I'm not sure about the lactose intolerant thing. One of the benefits that I saw was about the possibility that caffeine is good for preventing people from getting diabetes or generally decreasing the probability that somebody gets diabetes. And yeah, if you have sugar in your coffee, then yeah, that's going to take away from that positive fact as of course, having too much sugar is one of the reasons that people can increase their probability of getting diabetes. If that makes sense?

Charlie:
Yeah, definitely. I don't have any sugar with my coffee, so I'm a good boy with that one. Yay me. All right, so the last one, almost everyone uses their phone on the toilet. That's an interesting, interesting headline. I'm not sure where we're leading to it. Leading like how that's like, positive news, but I did just think...

Stephen Devincenzi:
No more just silly news.

Charlie:
Okay, just silly news. Just a fact. But it just made me think how we constantly share phones like, "Oh, have a little look at this, these pictures." And then you pick up somebody else's phone and you scroll through it. Yeah, it's good to have a bit of bacteria in your life, but you're picking up somebody's poo phone, basically.

Stephen Devincenzi:
Possibly. In fact, some of the things that I was reading was also encouraging people because these surveys, you know, a lot of different surveys have shown that almost everybody says that they use their phones in the toilet. Yes. A lot of people places say that also we should probably clean our phones more often than we do because most people just don't clean their phones. And I've only started cleaning my phone properly since I read these articles because it makes sense. Something that we pick up thousands of times per day, our phone and we take it, take it everywhere with us. You know, we get in the train, get in the car, put it there we go and go to work. We put it down on our desk, whatever. You know, apparently we even all take it into the toilet with us as well. So it goes everywhere. And yeah, it's it makes sense that really it's something which is very dirty because it's being touched constantly like this. And then we go and put it next to our faces when we're going to make a phone call. It makes sense that we spend a little bit more time thinking about keeping it clean.

Charlie:
Yeah. How often are you cleaning your phone these days?

Stephen Devincenzi:
Not enough. Not enough.

Charlie:
Not enough? Not enough.

Stephen Devincenzi:
Because we've just mentioned it. Now I'll probably for the next 2 or 3 days, I'll start doing it every day again. And then... Then I'll forget because I'm human.

Charlie:
I heard. Well, so my partner, she's very into skincare and she said about this, you know, you're putting a disgusting thing next to your face, so you've got to clean that phone quite a lot. But I also heard how was it every McDonald's till or like touch screen those new touch screens. Every single... No not every single this can't be true but some let's say some have faecal matter on them. Like, there's experiments where they test that and they can see there's faecal matter on it, but that obviously means it's fine. We can handle a bit of poo, right.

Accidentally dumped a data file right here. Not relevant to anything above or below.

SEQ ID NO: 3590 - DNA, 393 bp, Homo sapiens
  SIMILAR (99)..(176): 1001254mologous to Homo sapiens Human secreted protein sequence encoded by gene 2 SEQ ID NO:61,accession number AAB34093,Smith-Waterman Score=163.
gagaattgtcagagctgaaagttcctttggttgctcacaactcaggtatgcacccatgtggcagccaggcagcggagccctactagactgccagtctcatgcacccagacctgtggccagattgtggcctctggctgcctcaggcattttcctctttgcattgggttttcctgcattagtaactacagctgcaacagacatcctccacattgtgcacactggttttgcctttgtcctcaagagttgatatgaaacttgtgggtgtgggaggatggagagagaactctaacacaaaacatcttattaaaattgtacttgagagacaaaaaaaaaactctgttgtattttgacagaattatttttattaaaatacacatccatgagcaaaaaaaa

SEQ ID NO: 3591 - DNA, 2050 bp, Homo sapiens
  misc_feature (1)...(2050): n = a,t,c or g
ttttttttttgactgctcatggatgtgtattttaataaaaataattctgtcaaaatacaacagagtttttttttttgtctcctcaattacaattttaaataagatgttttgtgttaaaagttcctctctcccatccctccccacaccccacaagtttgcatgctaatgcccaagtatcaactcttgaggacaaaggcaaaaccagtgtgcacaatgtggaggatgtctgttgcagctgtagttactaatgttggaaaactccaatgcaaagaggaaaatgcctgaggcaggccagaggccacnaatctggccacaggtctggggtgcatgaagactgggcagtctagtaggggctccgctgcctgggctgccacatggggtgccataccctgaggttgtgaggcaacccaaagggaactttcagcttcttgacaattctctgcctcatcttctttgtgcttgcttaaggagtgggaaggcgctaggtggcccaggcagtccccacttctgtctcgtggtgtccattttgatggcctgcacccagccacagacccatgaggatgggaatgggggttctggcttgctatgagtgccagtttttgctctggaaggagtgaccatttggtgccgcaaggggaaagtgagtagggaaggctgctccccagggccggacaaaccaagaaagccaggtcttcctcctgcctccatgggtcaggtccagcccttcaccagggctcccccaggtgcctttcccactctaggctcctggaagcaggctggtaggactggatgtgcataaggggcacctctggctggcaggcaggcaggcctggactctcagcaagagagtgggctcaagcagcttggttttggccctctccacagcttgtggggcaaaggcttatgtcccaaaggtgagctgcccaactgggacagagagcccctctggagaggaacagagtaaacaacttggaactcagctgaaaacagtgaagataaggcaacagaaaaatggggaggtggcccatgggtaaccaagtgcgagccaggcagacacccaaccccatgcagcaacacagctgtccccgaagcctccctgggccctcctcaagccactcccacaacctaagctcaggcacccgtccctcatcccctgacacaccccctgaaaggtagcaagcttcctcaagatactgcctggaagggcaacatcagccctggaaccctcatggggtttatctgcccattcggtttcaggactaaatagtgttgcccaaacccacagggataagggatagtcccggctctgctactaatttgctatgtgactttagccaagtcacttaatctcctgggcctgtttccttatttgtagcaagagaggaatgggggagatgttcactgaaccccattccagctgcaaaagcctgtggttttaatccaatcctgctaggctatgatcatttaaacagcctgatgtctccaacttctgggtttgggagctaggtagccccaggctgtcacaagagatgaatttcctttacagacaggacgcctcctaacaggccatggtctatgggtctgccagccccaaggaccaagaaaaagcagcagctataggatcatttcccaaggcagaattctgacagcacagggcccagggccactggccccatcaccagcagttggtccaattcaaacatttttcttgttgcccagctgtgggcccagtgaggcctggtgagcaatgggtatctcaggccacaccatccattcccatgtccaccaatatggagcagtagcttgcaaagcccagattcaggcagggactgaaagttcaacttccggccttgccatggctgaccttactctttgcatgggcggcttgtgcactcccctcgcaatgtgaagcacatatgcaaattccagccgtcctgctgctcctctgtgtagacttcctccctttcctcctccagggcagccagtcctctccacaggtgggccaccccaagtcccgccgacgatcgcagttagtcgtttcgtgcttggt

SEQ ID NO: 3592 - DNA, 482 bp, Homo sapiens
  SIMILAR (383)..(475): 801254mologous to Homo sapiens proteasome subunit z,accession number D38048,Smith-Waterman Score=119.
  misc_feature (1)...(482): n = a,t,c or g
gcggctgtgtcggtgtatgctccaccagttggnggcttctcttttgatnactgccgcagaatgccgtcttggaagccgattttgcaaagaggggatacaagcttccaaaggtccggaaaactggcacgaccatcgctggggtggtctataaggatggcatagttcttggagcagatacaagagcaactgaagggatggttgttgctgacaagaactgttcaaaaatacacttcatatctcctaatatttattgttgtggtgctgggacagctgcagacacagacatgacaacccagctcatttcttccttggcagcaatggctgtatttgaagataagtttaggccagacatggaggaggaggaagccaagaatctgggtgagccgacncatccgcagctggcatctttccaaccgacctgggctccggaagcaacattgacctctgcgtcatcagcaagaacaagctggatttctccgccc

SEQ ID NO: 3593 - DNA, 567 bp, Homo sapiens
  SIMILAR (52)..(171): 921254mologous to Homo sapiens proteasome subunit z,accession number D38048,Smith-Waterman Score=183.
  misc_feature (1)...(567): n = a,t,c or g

Stephen Devincenzi:
Well, I suppose we must be able to handle a bit. Must be possible.

Charlie:
I mean, if you can actually see a bit on there. Don't touch it, guys, and don't go near it. But I think we can handle a little bit of poo.

Stephen Devincenzi:
What a great note to end on.

Charlie:
Exactly. Exactly. Yeah. Right. Okay.

Stephen Devincenzi:
You can put that as the title of this episode. We can all handle a little bit of poo.

Charlie:
But yeah. Thank you very much for your time, Stephen. That was wonderful. Appreciate the effort that you went to in creating that list of news stories for us to focus on to feel more positive about our lives.

Stephen Devincenzi:
Thank you, Charlie. And really, no, it's great to be able to just show some of the positive things that are happening in the world, because as we discussed earlier, they're often slow-burning stories. Don't make it into the daily news streams. Yeah, it's good to be able to talk about them.

Charlie:
Thank you very much. I appreciate it and I would love to have you on in the future if you would be so kind. Until then, yeah, I hope you enjoy yourself in Canterbury.

Stephen Devincenzi:
Aw, thank you very much, Charlie. It was a pleasure to be here and I would love to come back whenever I've got some more good news to talk about or anything else that you'd like to talk about. It's a pleasure to be here. Thank you.

Charlie:
Wonderful. Okay, guys, so go check out his podcast, Send7. What's the thing that they should search for any podcast app.

Stephen Devincenzi:
On their podcast apps, you can search for 'Simple English News Daily' and the internet, you can search for send7.org.

Charlie:
Nice. Yeah. And I will put those links in the show notes, so enjoy that and I will see you next time on the British English podcast. Bye-bye, Stephen.

Stephen Devincenzi:
Goodbye, Charlie.